• About Farm School

    "There are obviously two educations. One should teach us how to make a living and the other how to live."
    James Adams, from his essay "To 'Be' or to 'Do': A Note on American Education", 1929

    We're a Canadian family of five, farming, home schooling, and building our own house. I'm nowhere near as regular a blogger as I used to be.

    The kids are 18/Grade 12, 16/Grade 11, and 14/Grade 10.

    Contact me at becky(dot)farmschool(at)gmail(dot)com

  • Notable Quotables

    "If you want a golden rule that will fit everybody, this is it: Have nothing in your houses that you do not know to be useful, or believe to be beautiful."
    William Morris, from his lecture "The Beauty of Life"

    "‘Never look at an ugly thing twice. It is fatally easy to get accustomed to corrupting influences."
    English architect CFA Voysey (1857-1941)

    "The world of books is the most remarkable creation of man. Nothing else that he builds ever lasts. Monuments fall, nations perish, civilizations grow old and die out; and, after an era of darkness, new races build others. But in the world of books are volumes that have seen this happen again and again, and yet live on, still young, still as fresh as the day they were written, still telling men’s hearts of the hearts of men centuries dead."
    Clarence Day

    "Anyone who has a library and a garden wants for nothing."

    "Histories make men wise; poets, witty; the mathematics, subtile; natural philosophy, deep; moral, grave; logic and rhetoric, able to contend."
    Sir Francis Bacon, "Essays"

    "The chief aim of education is to show you, after you make a livelihood, how to enjoy living; and you can live longest and best and most rewardingly by attaining and preserving the happiness of learning."
    Gilbert Highet, "The Immortal Profession: The Joys of Teaching and Learning"

    "Good judgment comes from experience. Experience comes from bad judgment."
    Walter Wriston

    "I'd like to give you a piece of my mind."
    "Oh, I couldn't take the last piece."
    Ginger Rogers to Frances Mercer in "Vivacious Lady" (1938)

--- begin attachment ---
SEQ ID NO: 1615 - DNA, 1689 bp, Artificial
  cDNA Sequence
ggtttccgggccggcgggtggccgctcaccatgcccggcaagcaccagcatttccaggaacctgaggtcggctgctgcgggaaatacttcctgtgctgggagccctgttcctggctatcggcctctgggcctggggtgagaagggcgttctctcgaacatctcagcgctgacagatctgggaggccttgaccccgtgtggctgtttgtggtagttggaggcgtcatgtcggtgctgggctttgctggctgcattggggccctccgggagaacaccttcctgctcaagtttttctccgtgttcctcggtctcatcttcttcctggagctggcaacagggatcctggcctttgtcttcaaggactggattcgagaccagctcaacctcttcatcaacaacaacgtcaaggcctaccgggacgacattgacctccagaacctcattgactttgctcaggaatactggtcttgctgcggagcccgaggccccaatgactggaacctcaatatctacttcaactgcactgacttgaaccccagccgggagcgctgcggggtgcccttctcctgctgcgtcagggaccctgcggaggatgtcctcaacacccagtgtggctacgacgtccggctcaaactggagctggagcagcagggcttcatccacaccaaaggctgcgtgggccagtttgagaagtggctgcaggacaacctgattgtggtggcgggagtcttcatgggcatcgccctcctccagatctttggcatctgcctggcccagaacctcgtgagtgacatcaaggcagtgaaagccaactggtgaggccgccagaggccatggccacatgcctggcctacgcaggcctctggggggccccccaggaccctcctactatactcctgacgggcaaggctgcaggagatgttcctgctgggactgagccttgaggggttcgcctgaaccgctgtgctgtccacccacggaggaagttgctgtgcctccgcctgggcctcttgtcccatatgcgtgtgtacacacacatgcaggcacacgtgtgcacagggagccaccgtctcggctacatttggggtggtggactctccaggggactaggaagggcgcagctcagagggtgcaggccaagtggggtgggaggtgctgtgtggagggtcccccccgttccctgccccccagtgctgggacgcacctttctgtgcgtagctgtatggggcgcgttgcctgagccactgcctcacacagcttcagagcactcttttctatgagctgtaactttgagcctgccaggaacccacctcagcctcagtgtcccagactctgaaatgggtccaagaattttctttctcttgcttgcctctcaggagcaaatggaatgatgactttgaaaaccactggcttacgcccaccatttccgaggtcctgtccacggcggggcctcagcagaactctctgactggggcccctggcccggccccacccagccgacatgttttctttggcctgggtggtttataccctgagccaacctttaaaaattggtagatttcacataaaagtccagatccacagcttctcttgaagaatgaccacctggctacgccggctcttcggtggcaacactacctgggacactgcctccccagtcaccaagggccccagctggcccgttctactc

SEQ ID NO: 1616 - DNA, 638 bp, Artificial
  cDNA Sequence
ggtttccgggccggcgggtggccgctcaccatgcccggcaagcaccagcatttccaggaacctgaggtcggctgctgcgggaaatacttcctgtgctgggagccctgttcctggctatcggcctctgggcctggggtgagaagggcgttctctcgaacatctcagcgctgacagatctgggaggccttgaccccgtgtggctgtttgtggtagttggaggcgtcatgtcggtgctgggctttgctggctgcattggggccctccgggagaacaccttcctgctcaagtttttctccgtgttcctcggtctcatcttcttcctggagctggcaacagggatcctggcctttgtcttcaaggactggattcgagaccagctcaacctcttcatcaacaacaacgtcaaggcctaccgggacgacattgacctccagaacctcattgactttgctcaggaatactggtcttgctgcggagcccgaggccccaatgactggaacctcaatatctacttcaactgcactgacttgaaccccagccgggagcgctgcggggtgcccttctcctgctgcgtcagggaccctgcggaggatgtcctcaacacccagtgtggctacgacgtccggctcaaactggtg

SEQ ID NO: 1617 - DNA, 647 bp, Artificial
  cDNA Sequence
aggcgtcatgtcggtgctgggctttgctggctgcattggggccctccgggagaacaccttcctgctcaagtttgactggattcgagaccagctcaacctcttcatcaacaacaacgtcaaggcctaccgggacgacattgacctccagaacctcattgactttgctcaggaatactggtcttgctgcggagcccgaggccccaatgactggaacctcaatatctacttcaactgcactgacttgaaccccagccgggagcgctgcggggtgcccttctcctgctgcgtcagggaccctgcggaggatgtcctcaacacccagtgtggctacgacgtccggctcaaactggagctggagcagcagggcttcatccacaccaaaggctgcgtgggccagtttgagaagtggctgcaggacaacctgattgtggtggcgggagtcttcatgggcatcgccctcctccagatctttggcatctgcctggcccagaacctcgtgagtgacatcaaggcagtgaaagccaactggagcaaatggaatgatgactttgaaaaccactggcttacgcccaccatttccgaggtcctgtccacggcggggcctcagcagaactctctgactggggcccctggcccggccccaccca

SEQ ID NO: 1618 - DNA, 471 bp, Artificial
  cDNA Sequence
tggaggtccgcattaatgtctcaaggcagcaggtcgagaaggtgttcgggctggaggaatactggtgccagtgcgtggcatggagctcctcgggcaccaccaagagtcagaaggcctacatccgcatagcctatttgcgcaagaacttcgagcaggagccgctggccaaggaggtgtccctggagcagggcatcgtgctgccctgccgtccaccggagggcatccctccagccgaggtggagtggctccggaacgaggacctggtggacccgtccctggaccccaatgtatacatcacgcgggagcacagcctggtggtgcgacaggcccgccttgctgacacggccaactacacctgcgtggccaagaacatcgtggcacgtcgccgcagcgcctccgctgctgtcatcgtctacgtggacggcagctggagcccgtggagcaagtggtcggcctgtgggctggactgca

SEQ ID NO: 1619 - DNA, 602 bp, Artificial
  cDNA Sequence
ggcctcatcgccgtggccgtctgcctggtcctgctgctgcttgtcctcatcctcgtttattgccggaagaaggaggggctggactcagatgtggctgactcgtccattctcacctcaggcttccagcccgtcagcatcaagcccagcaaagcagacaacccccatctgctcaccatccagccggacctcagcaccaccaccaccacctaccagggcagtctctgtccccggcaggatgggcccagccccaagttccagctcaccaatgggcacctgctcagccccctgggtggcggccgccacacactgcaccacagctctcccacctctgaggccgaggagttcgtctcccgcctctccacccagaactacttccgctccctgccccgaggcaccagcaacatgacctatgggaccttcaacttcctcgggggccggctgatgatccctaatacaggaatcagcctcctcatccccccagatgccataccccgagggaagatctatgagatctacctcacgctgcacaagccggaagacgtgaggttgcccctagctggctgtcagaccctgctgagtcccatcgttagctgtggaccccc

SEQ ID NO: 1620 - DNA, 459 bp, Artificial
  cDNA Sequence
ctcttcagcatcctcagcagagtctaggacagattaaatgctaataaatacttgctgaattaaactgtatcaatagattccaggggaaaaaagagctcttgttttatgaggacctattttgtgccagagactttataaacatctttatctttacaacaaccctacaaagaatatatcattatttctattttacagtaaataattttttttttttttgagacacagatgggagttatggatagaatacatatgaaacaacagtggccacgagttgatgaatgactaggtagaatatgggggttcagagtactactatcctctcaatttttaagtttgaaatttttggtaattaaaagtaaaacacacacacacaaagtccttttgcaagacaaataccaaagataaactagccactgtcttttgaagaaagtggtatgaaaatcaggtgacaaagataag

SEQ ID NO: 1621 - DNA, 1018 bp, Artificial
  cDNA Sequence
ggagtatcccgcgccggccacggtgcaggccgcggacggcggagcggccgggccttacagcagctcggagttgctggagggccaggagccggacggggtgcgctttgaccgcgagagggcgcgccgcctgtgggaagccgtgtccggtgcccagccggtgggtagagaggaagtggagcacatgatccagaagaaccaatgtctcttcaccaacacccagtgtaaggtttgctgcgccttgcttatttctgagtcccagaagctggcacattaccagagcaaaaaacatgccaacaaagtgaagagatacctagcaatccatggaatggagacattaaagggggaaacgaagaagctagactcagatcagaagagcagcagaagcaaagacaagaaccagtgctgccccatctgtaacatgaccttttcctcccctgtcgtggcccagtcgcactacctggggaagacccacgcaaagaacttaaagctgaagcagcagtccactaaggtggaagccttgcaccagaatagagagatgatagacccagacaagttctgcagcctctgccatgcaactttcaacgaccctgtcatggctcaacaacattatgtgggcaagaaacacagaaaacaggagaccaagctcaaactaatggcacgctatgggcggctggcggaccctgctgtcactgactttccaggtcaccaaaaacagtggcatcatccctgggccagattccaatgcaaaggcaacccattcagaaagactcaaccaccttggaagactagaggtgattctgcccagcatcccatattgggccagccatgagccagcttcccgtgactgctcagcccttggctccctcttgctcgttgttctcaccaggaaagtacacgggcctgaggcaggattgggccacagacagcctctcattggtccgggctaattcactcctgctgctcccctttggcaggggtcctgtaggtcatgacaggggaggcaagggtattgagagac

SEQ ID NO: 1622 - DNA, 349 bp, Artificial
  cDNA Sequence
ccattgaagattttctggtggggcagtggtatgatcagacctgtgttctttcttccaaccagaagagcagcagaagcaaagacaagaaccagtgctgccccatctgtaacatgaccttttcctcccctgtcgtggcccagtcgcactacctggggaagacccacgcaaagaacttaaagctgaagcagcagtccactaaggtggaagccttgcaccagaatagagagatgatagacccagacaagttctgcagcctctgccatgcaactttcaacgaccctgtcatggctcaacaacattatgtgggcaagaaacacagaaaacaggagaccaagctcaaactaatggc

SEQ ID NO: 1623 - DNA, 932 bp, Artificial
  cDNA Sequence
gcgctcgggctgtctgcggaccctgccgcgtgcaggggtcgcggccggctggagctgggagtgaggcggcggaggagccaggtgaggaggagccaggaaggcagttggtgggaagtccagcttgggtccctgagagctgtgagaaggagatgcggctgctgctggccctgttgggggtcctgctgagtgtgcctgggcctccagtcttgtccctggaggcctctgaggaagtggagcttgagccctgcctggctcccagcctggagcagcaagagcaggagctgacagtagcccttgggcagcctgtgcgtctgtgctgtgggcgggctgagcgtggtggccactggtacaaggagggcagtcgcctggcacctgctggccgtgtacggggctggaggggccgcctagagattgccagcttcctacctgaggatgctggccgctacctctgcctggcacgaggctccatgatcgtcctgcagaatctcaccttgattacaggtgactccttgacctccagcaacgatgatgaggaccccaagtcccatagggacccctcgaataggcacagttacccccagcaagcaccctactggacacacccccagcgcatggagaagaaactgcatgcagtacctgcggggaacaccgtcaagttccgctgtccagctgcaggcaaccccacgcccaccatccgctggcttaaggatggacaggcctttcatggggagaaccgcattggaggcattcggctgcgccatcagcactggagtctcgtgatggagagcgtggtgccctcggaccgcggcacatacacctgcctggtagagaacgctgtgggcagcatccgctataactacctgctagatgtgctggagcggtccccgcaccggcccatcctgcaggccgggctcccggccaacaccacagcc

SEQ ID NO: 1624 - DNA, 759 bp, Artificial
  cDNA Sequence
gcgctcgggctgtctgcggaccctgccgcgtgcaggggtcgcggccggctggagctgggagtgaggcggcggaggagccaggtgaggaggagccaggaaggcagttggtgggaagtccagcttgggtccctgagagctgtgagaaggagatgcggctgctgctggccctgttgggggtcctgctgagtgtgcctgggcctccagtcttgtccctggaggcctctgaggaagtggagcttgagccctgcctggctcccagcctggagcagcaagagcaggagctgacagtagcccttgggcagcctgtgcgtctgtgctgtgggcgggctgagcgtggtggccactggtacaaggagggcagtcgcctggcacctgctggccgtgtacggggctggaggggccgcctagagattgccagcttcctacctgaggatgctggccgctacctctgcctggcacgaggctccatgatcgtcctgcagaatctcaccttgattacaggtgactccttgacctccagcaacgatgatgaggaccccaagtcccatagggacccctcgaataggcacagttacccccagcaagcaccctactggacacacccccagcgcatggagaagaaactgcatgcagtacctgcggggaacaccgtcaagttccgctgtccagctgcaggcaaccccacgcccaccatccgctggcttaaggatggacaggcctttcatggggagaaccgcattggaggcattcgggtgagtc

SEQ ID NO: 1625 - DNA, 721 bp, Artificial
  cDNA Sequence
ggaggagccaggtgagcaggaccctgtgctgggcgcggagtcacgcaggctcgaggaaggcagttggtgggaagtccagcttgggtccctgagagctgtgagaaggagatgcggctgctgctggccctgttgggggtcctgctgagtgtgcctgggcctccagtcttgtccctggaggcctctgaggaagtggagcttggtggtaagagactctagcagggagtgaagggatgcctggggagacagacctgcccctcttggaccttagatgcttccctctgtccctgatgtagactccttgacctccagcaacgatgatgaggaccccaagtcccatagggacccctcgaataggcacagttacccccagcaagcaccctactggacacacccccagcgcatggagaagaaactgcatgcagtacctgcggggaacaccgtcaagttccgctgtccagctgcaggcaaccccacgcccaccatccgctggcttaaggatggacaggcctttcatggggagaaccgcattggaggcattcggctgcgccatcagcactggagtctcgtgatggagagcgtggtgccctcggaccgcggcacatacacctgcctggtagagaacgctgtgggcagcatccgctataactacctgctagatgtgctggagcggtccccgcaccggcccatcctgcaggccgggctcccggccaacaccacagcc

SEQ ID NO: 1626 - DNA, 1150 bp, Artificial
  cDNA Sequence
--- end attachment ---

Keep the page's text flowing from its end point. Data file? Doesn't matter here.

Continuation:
"No race can prosper till it learns that there is as much dignity in tilling a field as in writing a poem."
    Booker T. Washington

    "Please accept my resignation. I don’t care to belong to any club that will have me as a member."
    Attributed to Groucho Marx in "The Groucho Letters" by Arthur Sheekman

    "If you can't say something good about someone, sit right here by me."
    Alice Roosevelt Longworth

    "If we bring a little joy into your humdrum lives, we feel all our hard work ain't been in vain for nothin'."
    Jean Hagen as "Lina Lamont" in "Singin' in the Rain" (1952)
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Mud pies and bibliobituaries

One of our favorite books, especially for Spring, is Mud Pies and Other Recipes: A Cookbook for Dolls by Marjorie Winslow, illustrated by Erik Blegvad, whose Great Hamster Hunt, also out-of-print, is still on my shelves.

So I was delighted to see it receive a lengthy “salute” from independent bookseller Alison Morris on her blog, Shelftalker. In the post, Alison mentions the concept of bibliobituaries, odes to out-of-print books. Isn’t that the perfect term? As someone with a keen fondness for books, especially children’s books, that are OOP, I’ve found the biggest advantage of a strong Canadian dollar to be the ability to purchase a number of OOP treasures from the U.S. through abebooks.com.

A couple of my favorites, still on my shelves after more than 30 years, well deserving of bibliobituaries I should write one of these days: